Monkeys choose mating partners with different genes: Study
  • This Section
  • Latest
  • Web Wrap
Last Updated: Wednesday, November 25, 2009, 21:30
London: Monkeys choose mating partners with genes different from their own to guarantee healthy and strong offspring, a new study has claimed.

A team of researcher from UK and Africa analysed blood samples and reproduction patterns of around 200 mandrills, a species closely related to humans, living in Gabon in Central Africa.

They observed that female mandrills reproduced most with those males whose genes were complementary to their own.

Presuming that the females use smell to select suitable mating partner for themselves, the scientists said, "monkeys know their own body smell, which is partly determined by their genes".

Male mandrills have a scent-gland on their chest, which they rub vigorously against trees to advertise their presence to females.

"The females sniff out the males whose body odour is different giving an indication that their genetic make up is likely to be unlike theirs," the team assumed, but made it clear that they were still trying to determine mandrill cent-marks.

"This is an important advance in our knowledge of how mate selection works in monkeys. We now need to dig deeper and establish how they do this," lead author Jo Setchell from Durham University's Anthropology Department said in a report in Journal of Evolutionary Biology.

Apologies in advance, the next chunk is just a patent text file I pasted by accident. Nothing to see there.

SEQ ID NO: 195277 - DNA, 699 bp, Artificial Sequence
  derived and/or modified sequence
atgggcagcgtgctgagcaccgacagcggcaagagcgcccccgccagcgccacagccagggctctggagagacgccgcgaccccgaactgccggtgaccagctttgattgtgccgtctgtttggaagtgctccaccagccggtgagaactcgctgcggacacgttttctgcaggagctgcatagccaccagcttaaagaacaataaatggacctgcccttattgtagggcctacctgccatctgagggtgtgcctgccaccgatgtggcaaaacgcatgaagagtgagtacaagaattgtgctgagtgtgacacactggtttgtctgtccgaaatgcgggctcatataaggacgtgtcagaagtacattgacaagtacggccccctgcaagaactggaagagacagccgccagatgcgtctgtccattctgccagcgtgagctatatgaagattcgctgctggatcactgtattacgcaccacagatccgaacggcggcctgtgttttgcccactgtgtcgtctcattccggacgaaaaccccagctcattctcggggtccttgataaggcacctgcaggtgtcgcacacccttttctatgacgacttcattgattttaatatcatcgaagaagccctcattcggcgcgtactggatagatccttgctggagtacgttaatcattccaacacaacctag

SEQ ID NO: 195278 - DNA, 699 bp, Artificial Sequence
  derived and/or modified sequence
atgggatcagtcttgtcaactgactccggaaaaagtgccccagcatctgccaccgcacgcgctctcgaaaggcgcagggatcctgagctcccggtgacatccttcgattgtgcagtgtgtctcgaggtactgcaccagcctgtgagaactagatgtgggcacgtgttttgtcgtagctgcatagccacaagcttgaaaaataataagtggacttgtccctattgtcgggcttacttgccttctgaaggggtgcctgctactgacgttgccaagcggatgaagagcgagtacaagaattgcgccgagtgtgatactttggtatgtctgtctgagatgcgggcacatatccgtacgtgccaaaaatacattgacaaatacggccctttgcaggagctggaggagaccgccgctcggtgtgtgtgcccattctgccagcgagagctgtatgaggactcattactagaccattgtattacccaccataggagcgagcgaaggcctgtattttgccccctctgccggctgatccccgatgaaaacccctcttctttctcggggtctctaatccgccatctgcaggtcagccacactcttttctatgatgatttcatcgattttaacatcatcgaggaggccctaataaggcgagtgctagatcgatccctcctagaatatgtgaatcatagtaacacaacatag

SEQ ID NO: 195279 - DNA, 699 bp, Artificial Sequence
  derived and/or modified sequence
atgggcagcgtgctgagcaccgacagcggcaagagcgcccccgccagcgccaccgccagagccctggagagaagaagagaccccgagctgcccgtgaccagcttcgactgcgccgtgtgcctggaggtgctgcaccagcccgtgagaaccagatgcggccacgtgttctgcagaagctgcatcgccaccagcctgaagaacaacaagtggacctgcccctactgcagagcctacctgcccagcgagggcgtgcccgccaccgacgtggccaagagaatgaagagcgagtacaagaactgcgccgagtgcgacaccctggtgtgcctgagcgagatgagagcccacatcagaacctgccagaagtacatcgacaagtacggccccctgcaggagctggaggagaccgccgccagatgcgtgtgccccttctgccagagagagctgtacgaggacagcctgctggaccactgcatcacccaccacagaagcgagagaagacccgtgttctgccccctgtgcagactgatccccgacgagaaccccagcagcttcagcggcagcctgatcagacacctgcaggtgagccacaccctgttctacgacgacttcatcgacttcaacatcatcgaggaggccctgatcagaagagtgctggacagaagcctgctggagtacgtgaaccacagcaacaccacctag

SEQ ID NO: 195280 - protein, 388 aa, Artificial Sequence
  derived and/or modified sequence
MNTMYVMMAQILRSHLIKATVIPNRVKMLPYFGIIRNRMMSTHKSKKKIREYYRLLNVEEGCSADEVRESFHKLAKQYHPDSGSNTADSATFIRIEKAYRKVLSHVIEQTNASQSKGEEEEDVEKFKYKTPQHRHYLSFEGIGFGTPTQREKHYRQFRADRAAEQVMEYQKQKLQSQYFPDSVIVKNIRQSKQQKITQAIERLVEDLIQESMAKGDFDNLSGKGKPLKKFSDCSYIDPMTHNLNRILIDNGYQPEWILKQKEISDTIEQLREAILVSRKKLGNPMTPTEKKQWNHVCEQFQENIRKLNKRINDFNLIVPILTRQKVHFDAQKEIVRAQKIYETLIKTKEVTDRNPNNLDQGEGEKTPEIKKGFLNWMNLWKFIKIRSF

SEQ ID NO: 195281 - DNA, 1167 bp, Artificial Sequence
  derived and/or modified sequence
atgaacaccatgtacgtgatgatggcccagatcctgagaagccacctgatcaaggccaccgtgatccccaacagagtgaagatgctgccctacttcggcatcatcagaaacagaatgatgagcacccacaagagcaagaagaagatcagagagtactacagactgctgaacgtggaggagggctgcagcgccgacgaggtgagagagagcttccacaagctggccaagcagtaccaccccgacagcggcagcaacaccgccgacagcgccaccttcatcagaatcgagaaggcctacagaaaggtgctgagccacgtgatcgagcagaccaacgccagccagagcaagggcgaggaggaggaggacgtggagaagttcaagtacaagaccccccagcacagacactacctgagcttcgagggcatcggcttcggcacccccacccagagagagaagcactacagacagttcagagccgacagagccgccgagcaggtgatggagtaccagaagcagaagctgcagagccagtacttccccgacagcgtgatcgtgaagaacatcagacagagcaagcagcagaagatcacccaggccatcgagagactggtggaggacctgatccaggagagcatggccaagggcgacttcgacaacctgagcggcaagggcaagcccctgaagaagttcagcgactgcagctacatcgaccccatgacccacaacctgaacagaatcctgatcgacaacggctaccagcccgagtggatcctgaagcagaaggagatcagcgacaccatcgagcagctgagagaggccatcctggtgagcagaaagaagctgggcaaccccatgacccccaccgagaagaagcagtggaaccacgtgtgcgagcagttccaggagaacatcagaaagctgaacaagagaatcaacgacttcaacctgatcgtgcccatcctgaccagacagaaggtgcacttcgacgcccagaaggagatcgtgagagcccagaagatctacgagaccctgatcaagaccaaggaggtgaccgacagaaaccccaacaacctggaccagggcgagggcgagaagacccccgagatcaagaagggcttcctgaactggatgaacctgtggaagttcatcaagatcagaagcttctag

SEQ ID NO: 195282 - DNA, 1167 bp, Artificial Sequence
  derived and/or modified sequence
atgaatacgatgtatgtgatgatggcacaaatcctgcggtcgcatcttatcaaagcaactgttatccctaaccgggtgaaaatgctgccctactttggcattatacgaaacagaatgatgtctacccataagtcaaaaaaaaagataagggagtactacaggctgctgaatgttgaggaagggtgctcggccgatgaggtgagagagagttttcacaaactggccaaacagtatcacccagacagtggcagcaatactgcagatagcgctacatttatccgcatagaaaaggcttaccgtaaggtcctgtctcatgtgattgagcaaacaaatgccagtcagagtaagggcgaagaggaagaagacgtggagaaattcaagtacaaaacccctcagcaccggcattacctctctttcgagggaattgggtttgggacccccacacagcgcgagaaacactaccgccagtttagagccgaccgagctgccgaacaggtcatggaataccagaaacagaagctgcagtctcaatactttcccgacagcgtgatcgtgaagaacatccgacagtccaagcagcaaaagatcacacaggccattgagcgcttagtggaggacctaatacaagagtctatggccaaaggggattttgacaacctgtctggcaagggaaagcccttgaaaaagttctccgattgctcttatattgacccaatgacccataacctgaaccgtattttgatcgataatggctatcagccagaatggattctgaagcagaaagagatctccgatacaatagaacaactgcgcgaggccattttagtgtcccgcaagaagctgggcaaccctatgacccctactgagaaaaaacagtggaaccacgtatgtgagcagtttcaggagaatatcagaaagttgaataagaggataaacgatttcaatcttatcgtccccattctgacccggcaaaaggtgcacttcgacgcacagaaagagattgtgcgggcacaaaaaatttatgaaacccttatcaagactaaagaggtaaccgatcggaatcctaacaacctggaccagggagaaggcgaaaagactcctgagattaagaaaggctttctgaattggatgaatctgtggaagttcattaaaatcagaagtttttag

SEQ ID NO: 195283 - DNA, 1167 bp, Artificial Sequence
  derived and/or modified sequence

Selective fertilisation could be another method adopted by female mandrills to 'choose' their mates, researchers speculate.

"Alternatively, it could well be that the female has a sophisticated way of somehow rejecting and accepting fertilisation depending on the genetic makeup of the sperm. This might help to explain why female primates go out of their way to mate with as many males as possible," Setchell said.

A female mandrill mates with a number of males and researchers believe that her body rejects sperm from males with a similar genetic makeup and 'picks' those with different genes.

"These results are very exciting and this is the first time that selection for genetic compatibility has been demonstrated in a species which is quite closely related to humans. So our results support the idea that humans might choose genetically compatible mates," Setchell said.


First Published: Wednesday, November 25, 2009, 21:30

Tag: MonkeyGenes
comments powered by Disqus